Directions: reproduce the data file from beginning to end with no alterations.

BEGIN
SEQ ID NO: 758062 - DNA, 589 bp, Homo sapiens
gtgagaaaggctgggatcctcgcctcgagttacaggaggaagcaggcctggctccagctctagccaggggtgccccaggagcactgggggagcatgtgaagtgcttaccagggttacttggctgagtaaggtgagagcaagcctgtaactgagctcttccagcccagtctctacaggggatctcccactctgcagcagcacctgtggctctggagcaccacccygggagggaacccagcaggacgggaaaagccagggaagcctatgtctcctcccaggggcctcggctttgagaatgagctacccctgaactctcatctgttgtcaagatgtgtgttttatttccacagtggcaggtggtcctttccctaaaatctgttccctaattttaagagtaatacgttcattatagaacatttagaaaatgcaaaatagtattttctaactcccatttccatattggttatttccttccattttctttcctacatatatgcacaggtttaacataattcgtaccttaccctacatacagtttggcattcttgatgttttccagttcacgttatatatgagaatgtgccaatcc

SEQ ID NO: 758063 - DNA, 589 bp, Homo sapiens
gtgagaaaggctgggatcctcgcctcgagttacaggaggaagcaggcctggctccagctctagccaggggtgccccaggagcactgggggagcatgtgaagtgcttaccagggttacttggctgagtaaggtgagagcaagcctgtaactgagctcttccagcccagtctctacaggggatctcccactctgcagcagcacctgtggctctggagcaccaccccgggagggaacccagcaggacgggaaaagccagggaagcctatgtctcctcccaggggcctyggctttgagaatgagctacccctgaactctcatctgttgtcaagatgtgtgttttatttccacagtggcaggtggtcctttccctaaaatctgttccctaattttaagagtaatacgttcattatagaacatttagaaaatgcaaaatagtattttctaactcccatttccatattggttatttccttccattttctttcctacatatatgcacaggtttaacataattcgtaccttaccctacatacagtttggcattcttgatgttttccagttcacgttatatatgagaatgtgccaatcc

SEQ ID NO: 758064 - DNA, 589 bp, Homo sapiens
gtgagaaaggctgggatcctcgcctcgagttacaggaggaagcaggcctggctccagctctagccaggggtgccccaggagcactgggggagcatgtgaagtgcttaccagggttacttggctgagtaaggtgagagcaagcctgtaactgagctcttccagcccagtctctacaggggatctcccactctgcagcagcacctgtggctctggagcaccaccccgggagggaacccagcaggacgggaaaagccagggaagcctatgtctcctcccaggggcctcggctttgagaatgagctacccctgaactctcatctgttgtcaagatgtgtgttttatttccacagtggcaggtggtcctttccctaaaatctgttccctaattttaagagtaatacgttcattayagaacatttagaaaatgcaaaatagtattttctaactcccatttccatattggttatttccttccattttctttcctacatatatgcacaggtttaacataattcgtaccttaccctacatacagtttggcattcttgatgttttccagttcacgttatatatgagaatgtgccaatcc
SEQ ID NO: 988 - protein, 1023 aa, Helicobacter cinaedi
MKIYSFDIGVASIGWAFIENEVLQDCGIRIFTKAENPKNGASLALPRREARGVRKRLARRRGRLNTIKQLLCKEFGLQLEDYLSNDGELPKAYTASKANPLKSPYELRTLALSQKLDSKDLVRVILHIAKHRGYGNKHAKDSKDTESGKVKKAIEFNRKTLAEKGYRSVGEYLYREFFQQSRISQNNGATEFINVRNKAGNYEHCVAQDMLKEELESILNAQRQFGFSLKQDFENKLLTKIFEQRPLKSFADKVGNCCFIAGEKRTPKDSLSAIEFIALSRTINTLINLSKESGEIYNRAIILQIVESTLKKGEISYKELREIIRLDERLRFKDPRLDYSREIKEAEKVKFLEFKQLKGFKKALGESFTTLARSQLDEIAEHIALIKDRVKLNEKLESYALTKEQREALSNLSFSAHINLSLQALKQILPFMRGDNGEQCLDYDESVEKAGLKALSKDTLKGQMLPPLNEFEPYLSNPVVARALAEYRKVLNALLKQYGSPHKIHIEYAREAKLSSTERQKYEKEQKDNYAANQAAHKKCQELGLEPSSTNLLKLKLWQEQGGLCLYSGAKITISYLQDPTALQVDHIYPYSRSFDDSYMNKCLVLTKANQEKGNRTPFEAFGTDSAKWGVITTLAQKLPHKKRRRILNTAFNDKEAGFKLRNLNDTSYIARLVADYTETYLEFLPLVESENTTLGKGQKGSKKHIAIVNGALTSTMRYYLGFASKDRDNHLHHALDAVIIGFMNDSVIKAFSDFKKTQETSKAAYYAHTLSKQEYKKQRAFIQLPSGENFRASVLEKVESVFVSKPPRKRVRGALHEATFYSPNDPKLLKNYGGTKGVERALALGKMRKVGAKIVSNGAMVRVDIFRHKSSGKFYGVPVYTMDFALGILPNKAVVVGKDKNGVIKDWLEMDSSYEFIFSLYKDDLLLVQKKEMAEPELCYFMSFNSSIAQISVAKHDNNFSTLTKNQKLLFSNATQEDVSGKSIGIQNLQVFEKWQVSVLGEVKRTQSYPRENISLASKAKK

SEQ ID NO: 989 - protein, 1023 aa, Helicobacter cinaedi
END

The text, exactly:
SEQ ID NO: 758062 - DNA, 589 bp, Homo sapiens
gtgagaaaggctgggatcctcgcctcgagttacaggaggaagcaggcctggctccagctctagccaggggtgccccaggagcactgggggagcatgtgaagtgcttaccagggttacttggctgagtaaggtgagagcaagcctgtaactgagctcttccagcccagtctctacaggggatctcccactctgcagcagcacctgtggctctggagcaccacccygggagggaacccagcaggacgggaaaagccagggaagcctatgtctcctcccaggggcctcggctttgagaatgagctacccctgaactctcatctgttgtcaagatgtgtgttttatttccacagtggcaggtggtcctttccctaaaatctgttccctaattttaagagtaatacgttcattatagaacatttagaaaatgcaaaatagtattttctaactcccatttccatattggttatttccttccattttctttcctacatatatgcacaggtttaacataattcgtaccttaccctacatacagtttggcattcttgatgttttccagttcacgttatatatgagaatgtgccaatcc

SEQ ID NO: 758063 - DNA, 589 bp, Homo sapiens
gtgagaaaggctgggatcctcgcctcgagttacaggaggaagcaggcctggctccagctctagccaggggtgccccaggagcactgggggagcatgtgaagtgcttaccagggttacttggctgagtaaggtgagagcaagcctgtaactgagctcttccagcccagtctctacaggggatctcccactctgcagcagcacctgtggctctggagcaccaccccgggagggaacccagcaggacgggaaaagccagggaagcctatgtctcctcccaggggcctyggctttgagaatgagctacccctgaactctcatctgttgtcaagatgtgtgttttatttccacagtggcaggtggtcctttccctaaaatctgttccctaattttaagagtaatacgttcattatagaacatttagaaaatgcaaaatagtattttctaactcccatttccatattggttatttccttccattttctttcctacatatatgcacaggtttaacataattcgtaccttaccctacatacagtttggcattcttgatgttttccagttcacgttatatatgagaatgtgccaatcc

SEQ ID NO: 758064 - DNA, 589 bp, Homo sapiens
gtgagaaaggctgggatcctcgcctcgagttacaggaggaagcaggcctggctccagctctagccaggggtgccccaggagcactgggggagcatgtgaagtgcttaccagggttacttggctgagtaaggtgagagcaagcctgtaactgagctcttccagcccagtctctacaggggatctcccactctgcagcagcacctgtggctctggagcaccaccccgggagggaacccagcaggacgggaaaagccagggaagcctatgtctcctcccaggggcctcggctttgagaatgagctacccctgaactctcatctgttgtcaagatgtgtgttttatttccacagtggcaggtggtcctttccctaaaatctgttccctaattttaagagtaatacgttcattayagaacatttagaaaatgcaaaatagtattttctaactcccatttccatattggttatttccttccattttctttcctacatatatgcacaggtttaacataattcgtaccttaccctacatacagtttggcattcttgatgttttccagttcacgttatatatgagaatgtgccaatcc
SEQ ID NO: 988 - protein, 1023 aa, Helicobacter cinaedi
MKIYSFDIGVASIGWAFIENEVLQDCGIRIFTKAENPKNGASLALPRREARGVRKRLARRRGRLNTIKQLLCKEFGLQLEDYLSNDGELPKAYTASKANPLKSPYELRTLALSQKLDSKDLVRVILHIAKHRGYGNKHAKDSKDTESGKVKKAIEFNRKTLAEKGYRSVGEYLYREFFQQSRISQNNGATEFINVRNKAGNYEHCVAQDMLKEELESILNAQRQFGFSLKQDFENKLLTKIFEQRPLKSFADKVGNCCFIAGEKRTPKDSLSAIEFIALSRTINTLINLSKESGEIYNRAIILQIVESTLKKGEISYKELREIIRLDERLRFKDPRLDYSREIKEAEKVKFLEFKQLKGFKKALGESFTTLARSQLDEIAEHIALIKDRVKLNEKLESYALTKEQREALSNLSFSAHINLSLQALKQILPFMRGDNGEQCLDYDESVEKAGLKALSKDTLKGQMLPPLNEFEPYLSNPVVARALAEYRKVLNALLKQYGSPHKIHIEYAREAKLSSTERQKYEKEQKDNYAANQAAHKKCQELGLEPSSTNLLKLKLWQEQGGLCLYSGAKITISYLQDPTALQVDHIYPYSRSFDDSYMNKCLVLTKANQEKGNRTPFEAFGTDSAKWGVITTLAQKLPHKKRRRILNTAFNDKEAGFKLRNLNDTSYIARLVADYTETYLEFLPLVESENTTLGKGQKGSKKHIAIVNGALTSTMRYYLGFASKDRDNHLHHALDAVIIGFMNDSVIKAFSDFKKTQETSKAAYYAHTLSKQEYKKQRAFIQLPSGENFRASVLEKVESVFVSKPPRKRVRGALHEATFYSPNDPKLLKNYGGTKGVERALALGKMRKVGAKIVSNGAMVRVDIFRHKSSGKFYGVPVYTMDFALGILPNKAVVVGKDKNGVIKDWLEMDSSYEFIFSLYKDDLLLVQKKEMAEPELCYFMSFNSSIAQISVAKHDNNFSTLTKNQKLLFSNATQEDVSGKSIGIQNLQVFEKWQVSVLGEVKRTQSYPRENISLASKAKK

SEQ ID NO: 989 - protein, 1023 aa, Helicobacter cinaedi